Why do people fear the single woman? In this episode, Cristen and Caroline talk to researcher Kinneret Lahad about why singledom is seen as so disruptive and why the Single by Choice movement isn't all it's cracked up to be.
Who needs marriage these days? Cristen and Caroline discuss the record number of Americans choosing to stay single and why single women tend to spark more controversy and panic than single men.
Pin-up queen Bettie Page is more popular today than she was at the height of her career in the 1950s. Cristen and Caroline explore Bettie's biography, her pinup legacy and why many feminists consider her an icon.
During World War II, pinups were the ultimate American sex symbols. Cristen and Caroline discuss the history and evolution of pinups, female pinup artists and why some women consider pinup fashion and imagery empowering today.
Interior design has been considered 'women's work' ever since Elsie de Wolfe became America's first famous decorator in the early 20th century. Cristen and Caroline investigate the feminization of interior design, the use of color and home decor and why 'decorator' became a dirty word in the industry.
Nina McLaughlin's carpentry memoir "Hammer Head" is about so much more than woodworking. Cristen and Caroline chat with the writer and carpenter about the joys of the Japanese saw, the importance of patience and what it's like being one of the 2 percent of women in carpentry.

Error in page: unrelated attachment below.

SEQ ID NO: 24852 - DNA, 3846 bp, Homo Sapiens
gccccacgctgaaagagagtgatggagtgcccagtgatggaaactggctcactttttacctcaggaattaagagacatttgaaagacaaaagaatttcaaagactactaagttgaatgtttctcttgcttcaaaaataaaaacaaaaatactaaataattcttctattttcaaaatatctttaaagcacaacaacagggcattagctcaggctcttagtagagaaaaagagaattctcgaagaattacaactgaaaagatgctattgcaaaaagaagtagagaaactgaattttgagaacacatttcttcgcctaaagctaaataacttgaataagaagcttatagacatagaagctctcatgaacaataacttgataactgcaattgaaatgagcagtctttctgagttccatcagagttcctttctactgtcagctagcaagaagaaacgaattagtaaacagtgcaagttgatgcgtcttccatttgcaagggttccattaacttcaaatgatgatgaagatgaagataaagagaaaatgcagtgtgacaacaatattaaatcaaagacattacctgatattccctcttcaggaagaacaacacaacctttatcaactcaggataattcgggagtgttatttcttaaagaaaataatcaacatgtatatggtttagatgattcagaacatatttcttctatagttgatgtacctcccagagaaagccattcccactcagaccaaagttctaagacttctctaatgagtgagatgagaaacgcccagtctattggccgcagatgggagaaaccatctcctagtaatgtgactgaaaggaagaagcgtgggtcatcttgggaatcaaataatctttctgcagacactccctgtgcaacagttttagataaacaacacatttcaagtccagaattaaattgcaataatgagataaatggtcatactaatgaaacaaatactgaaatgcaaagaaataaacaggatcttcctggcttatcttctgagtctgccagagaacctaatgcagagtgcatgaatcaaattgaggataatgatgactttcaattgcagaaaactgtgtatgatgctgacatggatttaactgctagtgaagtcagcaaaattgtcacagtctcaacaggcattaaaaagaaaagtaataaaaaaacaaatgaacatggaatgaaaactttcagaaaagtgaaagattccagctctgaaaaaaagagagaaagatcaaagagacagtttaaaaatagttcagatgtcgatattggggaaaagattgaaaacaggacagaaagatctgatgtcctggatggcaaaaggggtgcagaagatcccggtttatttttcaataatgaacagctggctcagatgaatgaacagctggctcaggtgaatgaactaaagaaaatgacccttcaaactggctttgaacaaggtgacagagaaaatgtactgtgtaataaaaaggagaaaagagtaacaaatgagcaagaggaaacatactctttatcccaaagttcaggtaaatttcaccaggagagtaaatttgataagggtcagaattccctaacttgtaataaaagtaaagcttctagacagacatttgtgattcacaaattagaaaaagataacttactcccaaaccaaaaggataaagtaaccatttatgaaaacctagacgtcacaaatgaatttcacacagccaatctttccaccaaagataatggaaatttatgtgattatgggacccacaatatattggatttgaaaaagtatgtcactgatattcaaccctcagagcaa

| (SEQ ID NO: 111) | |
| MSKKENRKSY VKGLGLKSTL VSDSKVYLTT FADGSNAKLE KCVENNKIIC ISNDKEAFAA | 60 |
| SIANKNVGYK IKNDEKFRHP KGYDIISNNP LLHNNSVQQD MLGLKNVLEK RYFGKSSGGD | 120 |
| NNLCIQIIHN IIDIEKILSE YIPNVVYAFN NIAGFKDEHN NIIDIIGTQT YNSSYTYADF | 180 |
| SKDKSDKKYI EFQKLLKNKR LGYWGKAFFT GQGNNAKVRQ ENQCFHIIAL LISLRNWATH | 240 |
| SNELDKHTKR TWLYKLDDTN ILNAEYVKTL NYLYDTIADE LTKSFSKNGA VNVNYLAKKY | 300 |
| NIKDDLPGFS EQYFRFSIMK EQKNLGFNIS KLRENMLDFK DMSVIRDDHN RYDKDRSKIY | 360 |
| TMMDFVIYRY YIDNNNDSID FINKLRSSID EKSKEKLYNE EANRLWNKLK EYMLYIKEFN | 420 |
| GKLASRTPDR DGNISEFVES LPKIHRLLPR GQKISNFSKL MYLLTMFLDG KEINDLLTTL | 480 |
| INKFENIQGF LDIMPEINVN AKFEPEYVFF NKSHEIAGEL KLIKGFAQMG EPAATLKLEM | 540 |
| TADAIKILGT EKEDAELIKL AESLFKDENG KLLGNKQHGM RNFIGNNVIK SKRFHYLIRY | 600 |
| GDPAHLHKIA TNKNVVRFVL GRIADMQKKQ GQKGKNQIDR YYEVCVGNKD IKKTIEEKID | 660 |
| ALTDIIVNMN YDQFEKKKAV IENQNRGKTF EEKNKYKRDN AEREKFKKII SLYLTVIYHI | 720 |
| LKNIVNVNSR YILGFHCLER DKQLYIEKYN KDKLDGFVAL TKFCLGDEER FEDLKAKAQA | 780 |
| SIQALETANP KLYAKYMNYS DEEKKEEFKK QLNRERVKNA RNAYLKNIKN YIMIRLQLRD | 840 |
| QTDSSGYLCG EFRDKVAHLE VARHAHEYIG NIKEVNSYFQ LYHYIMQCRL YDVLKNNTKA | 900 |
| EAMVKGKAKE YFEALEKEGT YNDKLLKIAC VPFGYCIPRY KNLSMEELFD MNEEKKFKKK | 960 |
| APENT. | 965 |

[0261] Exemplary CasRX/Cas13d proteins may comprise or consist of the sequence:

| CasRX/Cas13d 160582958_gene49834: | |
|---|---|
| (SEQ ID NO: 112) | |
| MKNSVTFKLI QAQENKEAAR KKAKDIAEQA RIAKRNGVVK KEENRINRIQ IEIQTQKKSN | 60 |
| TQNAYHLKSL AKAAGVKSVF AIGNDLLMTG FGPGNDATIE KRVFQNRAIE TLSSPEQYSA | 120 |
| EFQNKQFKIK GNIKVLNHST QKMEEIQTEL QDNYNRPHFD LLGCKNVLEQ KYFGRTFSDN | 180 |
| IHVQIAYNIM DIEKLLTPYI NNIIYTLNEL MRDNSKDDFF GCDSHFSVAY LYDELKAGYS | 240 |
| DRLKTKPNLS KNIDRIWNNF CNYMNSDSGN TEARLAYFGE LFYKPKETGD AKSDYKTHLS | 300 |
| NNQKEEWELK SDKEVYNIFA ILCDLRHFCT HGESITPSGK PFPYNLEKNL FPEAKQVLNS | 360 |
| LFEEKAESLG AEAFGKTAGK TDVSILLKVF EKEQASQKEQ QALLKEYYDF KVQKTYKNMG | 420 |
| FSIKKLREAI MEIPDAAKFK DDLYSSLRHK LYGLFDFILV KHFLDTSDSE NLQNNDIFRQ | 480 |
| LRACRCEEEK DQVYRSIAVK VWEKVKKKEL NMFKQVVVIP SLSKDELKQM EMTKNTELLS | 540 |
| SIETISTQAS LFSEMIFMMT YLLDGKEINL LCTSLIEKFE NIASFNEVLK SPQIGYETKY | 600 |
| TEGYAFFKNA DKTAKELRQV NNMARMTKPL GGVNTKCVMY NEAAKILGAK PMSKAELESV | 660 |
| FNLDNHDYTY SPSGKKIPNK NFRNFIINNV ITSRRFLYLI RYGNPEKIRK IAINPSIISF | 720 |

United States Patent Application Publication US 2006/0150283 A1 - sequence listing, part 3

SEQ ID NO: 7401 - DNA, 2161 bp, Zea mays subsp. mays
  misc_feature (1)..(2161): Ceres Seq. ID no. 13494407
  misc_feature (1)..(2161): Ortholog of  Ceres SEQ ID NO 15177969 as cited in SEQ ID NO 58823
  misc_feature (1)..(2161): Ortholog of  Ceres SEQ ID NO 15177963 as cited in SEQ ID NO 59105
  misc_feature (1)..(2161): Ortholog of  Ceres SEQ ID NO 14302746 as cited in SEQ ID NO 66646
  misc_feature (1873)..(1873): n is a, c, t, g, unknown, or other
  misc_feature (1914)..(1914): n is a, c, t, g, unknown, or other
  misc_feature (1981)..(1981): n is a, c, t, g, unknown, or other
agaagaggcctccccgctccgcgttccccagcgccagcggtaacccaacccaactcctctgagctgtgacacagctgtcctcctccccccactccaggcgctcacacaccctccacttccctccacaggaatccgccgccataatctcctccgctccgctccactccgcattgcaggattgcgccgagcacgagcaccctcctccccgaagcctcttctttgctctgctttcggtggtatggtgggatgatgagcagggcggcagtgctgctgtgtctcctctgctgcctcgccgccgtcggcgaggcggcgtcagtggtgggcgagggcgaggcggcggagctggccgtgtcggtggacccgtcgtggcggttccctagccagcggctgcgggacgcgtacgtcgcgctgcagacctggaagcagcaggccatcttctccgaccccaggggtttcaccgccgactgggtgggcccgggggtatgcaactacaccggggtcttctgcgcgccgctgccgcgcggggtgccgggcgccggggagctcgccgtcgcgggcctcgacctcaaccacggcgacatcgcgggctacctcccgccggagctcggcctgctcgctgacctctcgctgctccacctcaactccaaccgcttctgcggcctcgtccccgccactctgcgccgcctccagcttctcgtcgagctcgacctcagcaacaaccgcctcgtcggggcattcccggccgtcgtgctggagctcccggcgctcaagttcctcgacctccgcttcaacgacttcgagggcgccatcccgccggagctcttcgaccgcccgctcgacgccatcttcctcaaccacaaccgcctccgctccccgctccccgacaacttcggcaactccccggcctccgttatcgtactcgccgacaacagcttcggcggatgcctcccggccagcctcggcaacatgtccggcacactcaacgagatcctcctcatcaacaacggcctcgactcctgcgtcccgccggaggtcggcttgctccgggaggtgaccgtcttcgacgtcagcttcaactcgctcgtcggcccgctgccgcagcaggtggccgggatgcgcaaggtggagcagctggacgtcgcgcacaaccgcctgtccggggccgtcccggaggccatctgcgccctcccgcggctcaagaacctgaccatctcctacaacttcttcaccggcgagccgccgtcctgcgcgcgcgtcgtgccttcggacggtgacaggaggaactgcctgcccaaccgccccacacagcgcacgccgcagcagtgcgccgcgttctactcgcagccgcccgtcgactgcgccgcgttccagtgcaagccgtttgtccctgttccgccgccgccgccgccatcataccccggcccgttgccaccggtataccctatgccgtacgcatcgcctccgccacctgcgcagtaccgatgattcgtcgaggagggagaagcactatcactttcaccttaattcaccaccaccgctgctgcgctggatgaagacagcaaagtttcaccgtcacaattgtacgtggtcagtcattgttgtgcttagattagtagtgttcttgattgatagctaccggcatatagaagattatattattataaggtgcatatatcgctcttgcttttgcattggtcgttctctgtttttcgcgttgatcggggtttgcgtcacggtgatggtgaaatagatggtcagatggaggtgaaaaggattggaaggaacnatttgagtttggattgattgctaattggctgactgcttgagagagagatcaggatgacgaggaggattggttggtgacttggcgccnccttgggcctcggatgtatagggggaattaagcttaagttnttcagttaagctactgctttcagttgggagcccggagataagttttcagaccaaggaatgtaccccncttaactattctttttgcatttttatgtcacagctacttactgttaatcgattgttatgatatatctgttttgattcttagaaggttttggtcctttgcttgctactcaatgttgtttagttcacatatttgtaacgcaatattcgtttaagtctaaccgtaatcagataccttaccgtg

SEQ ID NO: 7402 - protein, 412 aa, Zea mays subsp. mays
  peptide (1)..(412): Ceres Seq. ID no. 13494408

Celebrities' post-childbirth weight loss has become a standard feature of tabloids. Cristen and Caroline examine our collective fixation on these new moms' bodies and how it skews non-celebrity perceptions on how women should expect to look after they're done expecting.
In 2002, tabloid editor Bonnie Fuller coined the term "bump watch" that stoked our pop cultural obsession with celebrity pregnancies. Cristen and Caroline discuss why we care about famous people's uteruses and how the Hollywood bump watch influences non-celebrity pregnancies and female body image.
Labor and Chicano civil rights activist Dolores Huerta made history organizing underpaid farmworkers and exposing the plight of the people who feed American families. Cristen and Caroline celebrate her grassroots passion that defied gender and cultural barriers and continues to inspire.
Being a farmer's wife used to be the pinnacle role for women in agriculture, but that's changing fast. As more women reclaim land and run farms, Cristen and Caroline highlight how they're becoming seen as the rising gatekeepers of sustainable food production.